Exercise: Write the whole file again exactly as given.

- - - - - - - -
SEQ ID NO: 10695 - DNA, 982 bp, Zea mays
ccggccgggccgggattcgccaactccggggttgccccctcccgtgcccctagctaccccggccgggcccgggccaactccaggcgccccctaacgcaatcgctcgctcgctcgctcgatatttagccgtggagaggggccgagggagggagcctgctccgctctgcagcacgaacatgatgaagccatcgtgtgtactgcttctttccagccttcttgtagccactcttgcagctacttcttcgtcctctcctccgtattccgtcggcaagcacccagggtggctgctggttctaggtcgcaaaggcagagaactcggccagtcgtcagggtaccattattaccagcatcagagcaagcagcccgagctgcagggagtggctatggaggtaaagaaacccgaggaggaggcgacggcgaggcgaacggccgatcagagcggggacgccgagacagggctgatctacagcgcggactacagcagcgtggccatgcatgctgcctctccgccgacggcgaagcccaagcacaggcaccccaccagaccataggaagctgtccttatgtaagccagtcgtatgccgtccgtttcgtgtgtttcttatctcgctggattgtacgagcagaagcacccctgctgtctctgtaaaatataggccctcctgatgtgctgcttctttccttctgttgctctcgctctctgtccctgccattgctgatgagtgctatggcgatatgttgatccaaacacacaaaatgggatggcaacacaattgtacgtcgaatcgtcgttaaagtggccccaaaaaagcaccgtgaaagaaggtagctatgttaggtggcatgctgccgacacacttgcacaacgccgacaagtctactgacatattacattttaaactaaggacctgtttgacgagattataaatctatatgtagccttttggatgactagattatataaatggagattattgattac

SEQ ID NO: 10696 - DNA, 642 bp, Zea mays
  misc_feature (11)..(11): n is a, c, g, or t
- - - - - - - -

SEQ ID NO: 10695 - DNA, 982 bp, Zea mays
ccggccgggccgggattcgccaactccggggttgccccctcccgtgcccctagctaccccggccgggcccgggccaactccaggcgccccctaacgcaatcgctcgctcgctcgctcgatatttagccgtggagaggggccgagggagggagcctgctccgctctgcagcacgaacatgatgaagccatcgtgtgtactgcttctttccagccttcttgtagccactcttgcagctacttcttcgtcctctcctccgtattccgtcggcaagcacccagggtggctgctggttctaggtcgcaaaggcagagaactcggccagtcgtcagggtaccattattaccagcatcagagcaagcagcccgagctgcagggagtggctatggaggtaaagaaacccgaggaggaggcgacggcgaggcgaacggccgatcagagcggggacgccgagacagggctgatctacagcgcggactacagcagcgtggccatgcatgctgcctctccgccgacggcgaagcccaagcacaggcaccccaccagaccataggaagctgtccttatgtaagccagtcgtatgccgtccgtttcgtgtgtttcttatctcgctggattgtacgagcagaagcacccctgctgtctctgtaaaatataggccctcctgatgtgctgcttctttccttctgttgctctcgctctctgtccctgccattgctgatgagtgctatggcgatatgttgatccaaacacacaaaatgggatggcaacacaattgtacgtcgaatcgtcgttaaagtggccccaaaaaagcaccgtgaaagaaggtagctatgttaggtggcatgctgccgacacacttgcacaacgccgacaagtctactgacatattacattttaaactaaggacctgtttgacgagattataaatctatatgtagccttttggatgactagattatataaatggagattattgattac

SEQ ID NO: 10696 - DNA, 642 bp, Zea mays
  misc_feature (11)..(11): n is a, c, g, or t